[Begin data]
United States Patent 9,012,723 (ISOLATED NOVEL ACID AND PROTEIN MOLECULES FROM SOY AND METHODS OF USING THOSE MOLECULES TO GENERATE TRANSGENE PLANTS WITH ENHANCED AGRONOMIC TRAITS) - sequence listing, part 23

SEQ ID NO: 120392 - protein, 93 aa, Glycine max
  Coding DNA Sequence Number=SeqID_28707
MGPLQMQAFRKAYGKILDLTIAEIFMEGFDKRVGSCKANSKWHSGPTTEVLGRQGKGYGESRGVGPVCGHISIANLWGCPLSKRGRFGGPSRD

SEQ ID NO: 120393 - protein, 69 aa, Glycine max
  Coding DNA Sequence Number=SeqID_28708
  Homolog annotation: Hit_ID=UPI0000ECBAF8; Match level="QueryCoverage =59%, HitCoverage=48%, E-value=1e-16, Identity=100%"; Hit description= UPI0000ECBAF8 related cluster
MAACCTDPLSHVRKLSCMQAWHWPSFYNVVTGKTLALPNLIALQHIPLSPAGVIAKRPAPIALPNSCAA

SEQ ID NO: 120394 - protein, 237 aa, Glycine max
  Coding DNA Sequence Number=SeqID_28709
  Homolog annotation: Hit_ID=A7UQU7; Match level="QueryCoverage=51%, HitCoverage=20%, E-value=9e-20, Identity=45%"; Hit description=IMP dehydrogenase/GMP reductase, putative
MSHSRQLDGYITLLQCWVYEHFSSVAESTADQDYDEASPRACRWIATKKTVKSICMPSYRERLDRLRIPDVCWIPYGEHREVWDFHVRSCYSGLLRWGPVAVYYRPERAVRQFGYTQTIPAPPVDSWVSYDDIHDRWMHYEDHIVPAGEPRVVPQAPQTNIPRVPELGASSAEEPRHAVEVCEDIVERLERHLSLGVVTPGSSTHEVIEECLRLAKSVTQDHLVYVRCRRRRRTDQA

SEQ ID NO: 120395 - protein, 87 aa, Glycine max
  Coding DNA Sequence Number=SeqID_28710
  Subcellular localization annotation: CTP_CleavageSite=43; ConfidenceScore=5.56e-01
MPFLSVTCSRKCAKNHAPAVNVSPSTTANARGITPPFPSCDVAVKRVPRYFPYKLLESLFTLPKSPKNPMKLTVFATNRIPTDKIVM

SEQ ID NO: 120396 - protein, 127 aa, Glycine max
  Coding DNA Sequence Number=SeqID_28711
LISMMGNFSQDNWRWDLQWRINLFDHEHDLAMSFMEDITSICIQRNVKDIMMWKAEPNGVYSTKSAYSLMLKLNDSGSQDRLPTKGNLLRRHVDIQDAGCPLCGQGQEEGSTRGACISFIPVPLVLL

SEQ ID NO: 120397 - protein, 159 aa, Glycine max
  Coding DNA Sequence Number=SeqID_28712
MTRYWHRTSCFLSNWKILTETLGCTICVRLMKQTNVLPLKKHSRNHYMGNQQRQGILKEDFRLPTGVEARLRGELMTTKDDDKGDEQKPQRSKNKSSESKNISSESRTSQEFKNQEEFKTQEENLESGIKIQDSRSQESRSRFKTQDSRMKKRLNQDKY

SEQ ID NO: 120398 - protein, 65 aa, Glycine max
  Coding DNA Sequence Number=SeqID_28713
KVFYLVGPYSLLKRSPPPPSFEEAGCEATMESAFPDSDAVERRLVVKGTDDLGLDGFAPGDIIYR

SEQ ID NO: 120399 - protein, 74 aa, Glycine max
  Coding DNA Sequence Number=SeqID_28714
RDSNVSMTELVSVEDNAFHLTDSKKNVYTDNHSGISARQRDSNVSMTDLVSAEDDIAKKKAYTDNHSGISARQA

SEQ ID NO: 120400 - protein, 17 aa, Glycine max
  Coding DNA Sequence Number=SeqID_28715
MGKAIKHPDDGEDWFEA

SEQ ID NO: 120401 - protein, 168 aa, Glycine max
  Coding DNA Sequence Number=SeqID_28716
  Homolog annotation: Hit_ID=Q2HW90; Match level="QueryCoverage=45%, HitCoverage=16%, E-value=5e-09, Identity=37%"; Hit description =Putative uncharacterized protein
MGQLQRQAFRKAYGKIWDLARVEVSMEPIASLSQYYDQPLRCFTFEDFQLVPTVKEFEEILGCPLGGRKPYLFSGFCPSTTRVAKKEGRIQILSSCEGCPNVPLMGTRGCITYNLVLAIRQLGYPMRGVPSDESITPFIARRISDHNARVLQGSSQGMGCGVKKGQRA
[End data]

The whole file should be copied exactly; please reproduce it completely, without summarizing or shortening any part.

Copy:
United States Patent 9,012,723 (ISOLATED NOVEL ACID AND PROTEIN MOLECULES FROM SOY AND METHODS OF USING THOSE MOLECULES TO GENERATE TRANSGENE PLANTS WITH ENHANCED AGRONOMIC TRAITS) - sequence listing, part 23

SEQ ID NO: 120392 - protein, 93 aa, Glycine max
  Coding DNA Sequence Number=SeqID_28707
MGPLQMQAFRKAYGKILDLTIAEIFMEGFDKRVGSCKANSKWHSGPTTEVLGRQGKGYGESRGVGPVCGHISIANLWGCPLSKRGRFGGPSRD

SEQ ID NO: 120393 - protein, 69 aa, Glycine max
  Coding DNA Sequence Number=SeqID_28708
  Homolog annotation: Hit_ID=UPI0000ECBAF8; Match level="QueryCoverage =59%, HitCoverage=48%, E-value=1e-16, Identity=100%"; Hit description= UPI0000ECBAF8 related cluster
MAACCTDPLSHVRKLSCMQAWHWPSFYNVVTGKTLALPNLIALQHIPLSPAGVIAKRPAPIALPNSCAA

SEQ ID NO: 120394 - protein, 237 aa, Glycine max
  Coding DNA Sequence Number=SeqID_28709
  Homolog annotation: Hit_ID=A7UQU7; Match level="QueryCoverage=51%, HitCoverage=20%, E-value=9e-20, Identity=45%"; Hit description=IMP dehydrogenase/GMP reductase, putative
MSHSRQLDGYITLLQCWVYEHFSSVAESTADQDYDEASPRACRWIATKKTVKSICMPSYRERLDRLRIPDVCWIPYGEHREVWDFHVRSCYSGLLRWGPVAVYYRPERAVRQFGYTQTIPAPPVDSWVSYDDIHDRWMHYEDHIVPAGEPRVVPQAPQTNIPRVPELGASSAEEPRHAVEVCEDIVERLERHLSLGVVTPGSSTHEVIEECLRLAKSVTQDHLVYVRCRRRRRTDQA

SEQ ID NO: 120395 - protein, 87 aa, Glycine max
  Coding DNA Sequence Number=SeqID_28710
  Subcellular localization annotation: CTP_CleavageSite=43; ConfidenceScore=5.56e-01
MPFLSVTCSRKCAKNHAPAVNVSPSTTANARGITPPFPSCDVAVKRVPRYFPYKLLESLFTLPKSPKNPMKLTVFATNRIPTDKIVM

SEQ ID NO: 120396 - protein, 127 aa, Glycine max
  Coding DNA Sequence Number=SeqID_28711
LISMMGNFSQDNWRWDLQWRINLFDHEHDLAMSFMEDITSICIQRNVKDIMMWKAEPNGVYSTKSAYSLMLKLNDSGSQDRLPTKGNLLRRHVDIQDAGCPLCGQGQEEGSTRGACISFIPVPLVLL

SEQ ID NO: 120397 - protein, 159 aa, Glycine max
  Coding DNA Sequence Number=SeqID_28712
MTRYWHRTSCFLSNWKILTETLGCTICVRLMKQTNVLPLKKHSRNHYMGNQQRQGILKEDFRLPTGVEARLRGELMTTKDDDKGDEQKPQRSKNKSSESKNISSESRTSQEFKNQEEFKTQEENLESGIKIQDSRSQESRSRFKTQDSRMKKRLNQDKY

SEQ ID NO: 120398 - protein, 65 aa, Glycine max
  Coding DNA Sequence Number=SeqID_28713
KVFYLVGPYSLLKRSPPPPSFEEAGCEATMESAFPDSDAVERRLVVKGTDDLGLDGFAPGDIIYR

SEQ ID NO: 120399 - protein, 74 aa, Glycine max
  Coding DNA Sequence Number=SeqID_28714
RDSNVSMTELVSVEDNAFHLTDSKKNVYTDNHSGISARQRDSNVSMTDLVSAEDDIAKKKAYTDNHSGISARQA

SEQ ID NO: 120400 - protein, 17 aa, Glycine max
  Coding DNA Sequence Number=SeqID_28715
MGKAIKHPDDGEDWFEA

SEQ ID NO: 120401 - protein, 168 aa, Glycine max
  Coding DNA Sequence Number=SeqID_28716
  Homolog annotation: Hit_ID=Q2HW90; Match level="QueryCoverage=45%, HitCoverage=16%, E-value=5e-09, Identity=37%"; Hit description =Putative uncharacterized protein
MGQLQRQAFRKAYGKIWDLARVEVSMEPIASLSQYYDQPLRCFTFEDFQLVPTVKEFEEILGCPLGGRKPYLFSGFCPSTTRVAKKEGRIQILSSCEGCPNVPLMGTRGCITYNLVLAIRQLGYPMRGVPSDESITPFIARRISDHNARVLQGSSQGMGCGVKKGQRA